Why Do Stock Prices Fall After Good Earnings Announcements?

It’s happened to many novice stock traders. You’re on your way into work and you hear on the news that some well known company announced great earnings after hours the night before. You’ve been waiting for an opportunity so you decide to buy as soon as the market opens.

Despite the fact that the price is already up 10% or more at open, you make your purchase and sit back to watch the fun. Things go extremely well for the first half hour. The price rises a good 10% further and you congratulate yourself on your wise purchase.

Then, about 30 minutes into the trading day the stock does something remarkable. Its price rise turns and the price begins to drop. It drops quickly and within an hour loses all the gains for the day. It doesn’t stop there too. Aside from one or two buying flurries it continues it’s downward momentum and ends the day down 10% on opening price, leaving about a 10% gain on the closing price the night before.

Over the next few weeks the stock price continues to decline and by the time it slowly turns positive again a couple of months later it has lost 30% on the price you bought it for on earnings day. So what happened? What we are witnessing here is classic manipulation of market hype by the ‘smart money’ to take money off the ‘dumb money’.

The smart money are the 3% of traders and investors who make money trading the markets and the dumb money are the rest who lose money, usually to the smart money. You get the picture.

The answer to this is to look at what the smart money did. Emulate their strategy and you too could find yourself on the winners’ side for once. The answer is simple and obvious, all it needs is pointing out. If we search through a few well known company 12 month stock charts it won’t take long to identify one which has been doing this, ie. showing consecutive quarters of meeting or beating market expectations, then dropping in price before heading up again to their next earnings announcement three months later.

The smart money strategy should be clear. Buy ahead of the earnings announcements and sell to the buyers on the day of the announcement, preferably during the first 30 minutes of market opening, during the buying ‘frenzy’. That’s all they have to do.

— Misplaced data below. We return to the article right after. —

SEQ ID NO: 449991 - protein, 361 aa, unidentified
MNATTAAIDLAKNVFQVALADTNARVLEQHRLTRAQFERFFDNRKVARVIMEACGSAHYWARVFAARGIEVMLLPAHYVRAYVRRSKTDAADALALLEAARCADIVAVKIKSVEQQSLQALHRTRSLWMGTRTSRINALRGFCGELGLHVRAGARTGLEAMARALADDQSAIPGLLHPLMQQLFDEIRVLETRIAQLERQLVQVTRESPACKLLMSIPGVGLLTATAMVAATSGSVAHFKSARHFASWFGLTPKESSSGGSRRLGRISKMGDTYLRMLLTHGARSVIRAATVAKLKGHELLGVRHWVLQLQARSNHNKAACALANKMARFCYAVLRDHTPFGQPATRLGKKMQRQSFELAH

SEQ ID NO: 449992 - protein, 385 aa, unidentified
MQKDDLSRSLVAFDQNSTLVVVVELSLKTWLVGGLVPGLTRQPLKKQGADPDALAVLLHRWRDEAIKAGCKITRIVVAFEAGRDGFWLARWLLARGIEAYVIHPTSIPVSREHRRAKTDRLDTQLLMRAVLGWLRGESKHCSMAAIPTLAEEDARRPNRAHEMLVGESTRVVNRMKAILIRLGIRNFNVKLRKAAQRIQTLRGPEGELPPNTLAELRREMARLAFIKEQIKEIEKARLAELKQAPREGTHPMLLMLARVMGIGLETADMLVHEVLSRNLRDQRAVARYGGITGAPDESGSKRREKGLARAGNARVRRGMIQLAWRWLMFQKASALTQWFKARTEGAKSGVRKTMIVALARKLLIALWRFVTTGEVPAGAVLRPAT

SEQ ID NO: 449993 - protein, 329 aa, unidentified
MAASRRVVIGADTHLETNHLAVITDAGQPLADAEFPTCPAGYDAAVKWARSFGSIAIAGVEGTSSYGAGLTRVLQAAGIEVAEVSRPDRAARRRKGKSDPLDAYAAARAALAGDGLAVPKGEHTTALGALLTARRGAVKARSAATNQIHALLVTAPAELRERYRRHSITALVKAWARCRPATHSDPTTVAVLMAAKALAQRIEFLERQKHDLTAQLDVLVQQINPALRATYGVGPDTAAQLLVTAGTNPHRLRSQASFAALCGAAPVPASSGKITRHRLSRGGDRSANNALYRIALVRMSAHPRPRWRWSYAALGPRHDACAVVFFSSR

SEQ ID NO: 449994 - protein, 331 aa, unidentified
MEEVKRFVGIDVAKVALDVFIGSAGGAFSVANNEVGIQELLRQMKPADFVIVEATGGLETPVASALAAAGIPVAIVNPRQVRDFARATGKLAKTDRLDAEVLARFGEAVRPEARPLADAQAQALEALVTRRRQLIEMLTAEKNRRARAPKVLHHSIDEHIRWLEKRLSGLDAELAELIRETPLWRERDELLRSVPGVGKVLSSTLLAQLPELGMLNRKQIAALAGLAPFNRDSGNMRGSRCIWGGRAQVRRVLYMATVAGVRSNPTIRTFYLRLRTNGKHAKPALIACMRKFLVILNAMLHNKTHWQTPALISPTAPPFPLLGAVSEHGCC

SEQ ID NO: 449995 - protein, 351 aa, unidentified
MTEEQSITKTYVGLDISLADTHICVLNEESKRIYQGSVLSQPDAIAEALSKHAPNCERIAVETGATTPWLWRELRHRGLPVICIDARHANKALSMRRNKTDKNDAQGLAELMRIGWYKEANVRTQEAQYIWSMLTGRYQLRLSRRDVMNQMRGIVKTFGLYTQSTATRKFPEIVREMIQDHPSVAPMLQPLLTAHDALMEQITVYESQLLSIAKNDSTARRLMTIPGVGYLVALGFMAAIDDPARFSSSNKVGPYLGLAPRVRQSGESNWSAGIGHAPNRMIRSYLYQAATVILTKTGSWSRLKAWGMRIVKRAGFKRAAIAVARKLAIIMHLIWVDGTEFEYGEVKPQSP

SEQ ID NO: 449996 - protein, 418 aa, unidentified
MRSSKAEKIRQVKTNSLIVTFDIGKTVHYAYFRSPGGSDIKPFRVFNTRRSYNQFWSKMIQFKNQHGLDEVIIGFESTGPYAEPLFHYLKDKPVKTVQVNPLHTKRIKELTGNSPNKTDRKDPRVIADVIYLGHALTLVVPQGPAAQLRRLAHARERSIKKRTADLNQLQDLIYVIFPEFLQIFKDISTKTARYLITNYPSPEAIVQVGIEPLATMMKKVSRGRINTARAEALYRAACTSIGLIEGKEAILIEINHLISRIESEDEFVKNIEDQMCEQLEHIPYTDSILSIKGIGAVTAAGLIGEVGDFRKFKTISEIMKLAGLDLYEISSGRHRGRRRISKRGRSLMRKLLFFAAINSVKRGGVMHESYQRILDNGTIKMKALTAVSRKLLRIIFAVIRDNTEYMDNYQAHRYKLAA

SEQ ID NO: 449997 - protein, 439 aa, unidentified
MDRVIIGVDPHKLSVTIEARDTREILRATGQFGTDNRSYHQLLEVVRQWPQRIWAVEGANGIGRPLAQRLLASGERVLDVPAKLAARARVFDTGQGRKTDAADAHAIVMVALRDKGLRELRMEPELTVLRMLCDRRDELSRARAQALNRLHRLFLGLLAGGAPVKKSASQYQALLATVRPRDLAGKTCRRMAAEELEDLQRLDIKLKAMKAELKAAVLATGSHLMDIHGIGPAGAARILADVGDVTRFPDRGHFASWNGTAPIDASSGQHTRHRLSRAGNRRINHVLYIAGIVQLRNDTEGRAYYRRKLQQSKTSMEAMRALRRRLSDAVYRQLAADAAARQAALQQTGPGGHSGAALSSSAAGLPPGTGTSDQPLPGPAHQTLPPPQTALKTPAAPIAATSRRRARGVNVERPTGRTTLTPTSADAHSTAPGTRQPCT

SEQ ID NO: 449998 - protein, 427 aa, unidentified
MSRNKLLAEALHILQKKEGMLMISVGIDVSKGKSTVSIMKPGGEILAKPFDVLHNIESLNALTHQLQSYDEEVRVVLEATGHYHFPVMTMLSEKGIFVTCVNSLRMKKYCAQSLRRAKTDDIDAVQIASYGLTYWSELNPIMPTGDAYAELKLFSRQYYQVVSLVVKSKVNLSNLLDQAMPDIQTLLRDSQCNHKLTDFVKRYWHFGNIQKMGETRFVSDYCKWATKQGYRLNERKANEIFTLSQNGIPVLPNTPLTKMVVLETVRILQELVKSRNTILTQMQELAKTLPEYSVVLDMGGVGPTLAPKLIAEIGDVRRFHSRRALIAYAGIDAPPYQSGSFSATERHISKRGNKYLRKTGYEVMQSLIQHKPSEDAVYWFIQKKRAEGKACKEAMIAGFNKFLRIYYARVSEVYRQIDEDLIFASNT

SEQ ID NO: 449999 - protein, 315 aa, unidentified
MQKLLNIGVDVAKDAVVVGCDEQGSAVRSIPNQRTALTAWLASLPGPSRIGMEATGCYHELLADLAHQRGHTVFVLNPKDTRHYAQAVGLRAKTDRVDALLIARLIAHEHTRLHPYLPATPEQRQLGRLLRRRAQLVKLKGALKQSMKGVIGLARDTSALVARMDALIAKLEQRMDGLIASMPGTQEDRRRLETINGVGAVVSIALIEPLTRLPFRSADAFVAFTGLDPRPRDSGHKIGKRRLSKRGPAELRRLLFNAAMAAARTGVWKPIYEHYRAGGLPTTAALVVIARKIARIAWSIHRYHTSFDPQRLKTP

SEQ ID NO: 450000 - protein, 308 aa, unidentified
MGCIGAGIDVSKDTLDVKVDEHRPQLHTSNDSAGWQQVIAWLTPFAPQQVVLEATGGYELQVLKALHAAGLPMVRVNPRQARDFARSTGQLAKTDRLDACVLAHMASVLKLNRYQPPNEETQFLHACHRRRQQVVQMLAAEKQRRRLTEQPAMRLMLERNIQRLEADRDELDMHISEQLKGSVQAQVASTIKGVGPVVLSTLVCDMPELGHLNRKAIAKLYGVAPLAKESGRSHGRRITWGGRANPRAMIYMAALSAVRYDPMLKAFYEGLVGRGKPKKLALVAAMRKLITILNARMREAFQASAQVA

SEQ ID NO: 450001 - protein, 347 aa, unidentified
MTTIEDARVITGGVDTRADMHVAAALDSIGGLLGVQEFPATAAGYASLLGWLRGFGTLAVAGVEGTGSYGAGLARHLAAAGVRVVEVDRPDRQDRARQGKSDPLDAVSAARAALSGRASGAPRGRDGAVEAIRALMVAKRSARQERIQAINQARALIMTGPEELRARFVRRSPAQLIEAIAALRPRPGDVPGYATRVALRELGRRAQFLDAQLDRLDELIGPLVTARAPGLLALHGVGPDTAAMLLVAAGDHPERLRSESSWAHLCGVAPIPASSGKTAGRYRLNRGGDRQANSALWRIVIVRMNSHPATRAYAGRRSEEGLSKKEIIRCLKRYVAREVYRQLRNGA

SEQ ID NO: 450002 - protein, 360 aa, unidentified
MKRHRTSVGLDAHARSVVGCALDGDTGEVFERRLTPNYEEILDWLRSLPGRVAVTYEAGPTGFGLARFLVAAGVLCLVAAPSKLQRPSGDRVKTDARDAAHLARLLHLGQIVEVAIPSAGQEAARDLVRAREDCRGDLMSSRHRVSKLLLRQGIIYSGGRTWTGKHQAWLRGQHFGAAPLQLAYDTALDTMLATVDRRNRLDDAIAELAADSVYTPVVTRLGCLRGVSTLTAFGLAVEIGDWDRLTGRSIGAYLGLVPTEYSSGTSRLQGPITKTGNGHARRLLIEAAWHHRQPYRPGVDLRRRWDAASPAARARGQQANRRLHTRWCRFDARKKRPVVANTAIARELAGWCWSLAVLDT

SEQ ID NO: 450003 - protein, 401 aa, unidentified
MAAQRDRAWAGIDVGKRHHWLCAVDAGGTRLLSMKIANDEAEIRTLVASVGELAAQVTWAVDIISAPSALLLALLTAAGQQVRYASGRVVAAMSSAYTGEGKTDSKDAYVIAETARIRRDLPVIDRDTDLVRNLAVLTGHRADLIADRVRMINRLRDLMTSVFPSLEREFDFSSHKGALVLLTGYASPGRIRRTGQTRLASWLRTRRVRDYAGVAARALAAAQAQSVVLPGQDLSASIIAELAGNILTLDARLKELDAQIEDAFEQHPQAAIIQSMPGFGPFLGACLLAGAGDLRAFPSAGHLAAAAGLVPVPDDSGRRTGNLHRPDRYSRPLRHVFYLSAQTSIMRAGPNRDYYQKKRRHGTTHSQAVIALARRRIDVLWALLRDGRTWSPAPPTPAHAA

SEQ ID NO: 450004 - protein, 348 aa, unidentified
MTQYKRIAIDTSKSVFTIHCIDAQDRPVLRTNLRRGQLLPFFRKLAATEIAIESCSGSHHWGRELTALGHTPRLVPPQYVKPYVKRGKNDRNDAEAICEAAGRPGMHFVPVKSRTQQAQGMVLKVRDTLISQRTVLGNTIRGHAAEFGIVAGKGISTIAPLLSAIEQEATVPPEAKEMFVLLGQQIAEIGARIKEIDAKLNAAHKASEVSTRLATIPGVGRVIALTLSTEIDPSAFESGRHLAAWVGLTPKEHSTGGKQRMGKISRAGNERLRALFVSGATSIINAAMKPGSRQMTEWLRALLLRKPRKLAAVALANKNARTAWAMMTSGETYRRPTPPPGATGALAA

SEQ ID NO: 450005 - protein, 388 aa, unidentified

As the smart money dumps their stock and the buyers start to dry up, the stock price falls, eventually over the next few weeks to what could be considered a ‘fair price’ of some 20% lower. This happens all the time and the dumb money falls for it over and over again.

In terms of time frames the best time to buy in would be about four to six weeks ahead of the earnings announcement. You need to get in as the price starts its steady climb upwards. This will happen between four and six weeks prior. Too early and you may find yourself getting stopped out at a loss. Too late and you may miss the early gains.

Getting in at the right time can however means gains of 25% or more leading up to the earnings announcement, and that’s before hype drives the price up after the announcement. Statistically the sweet spot has shown to be in the few days leading up to the one calendar month ahead of the earnings announcement.

Use the ‘Ten Steps’ buy in strategy shown in the website link at the end of this article to secure your position and mark in your diary to check the after hours announcement and be at the ready as the market opens the next day. Once you’re secured your position and your stops are at or above your buy price, follow the price of the stock upwards over the next few weeks. Keep your sell-stop well clear as there’ll likely be some turbulence on the way up.

Then use one of the following three exit strategies depending on the results announcements:

Company beats market expectations. If previous earnings patterns hold true (as it should) then expect the price to jump overnight and start the next day up. Let the initial buying frenzy drive the price up still further and then sell at market price between 15 and 30 minutes after opening. Total gains for this trade could be anywhere between 30% and 50%.

Company meets market expectations. This would mean less hype and less of a buying frenzy at market opening. Gauge market sentiment and be prepared to exit at market price at market opening. Total gains for this trade could be anywhere between 20% and 30%.

Company fails to meet expectations. If previous earnings patterns fail to hold true then exit at market price at market opening. Total gains for this trade from the weeks leading up to earnings announcement could be anywhere between 10% and 20%.

You can see that, aside from any large scale ‘force majeure’ which overshadows normal stock market movements, no matter which way it goes you will still profit from this stock trading strategy.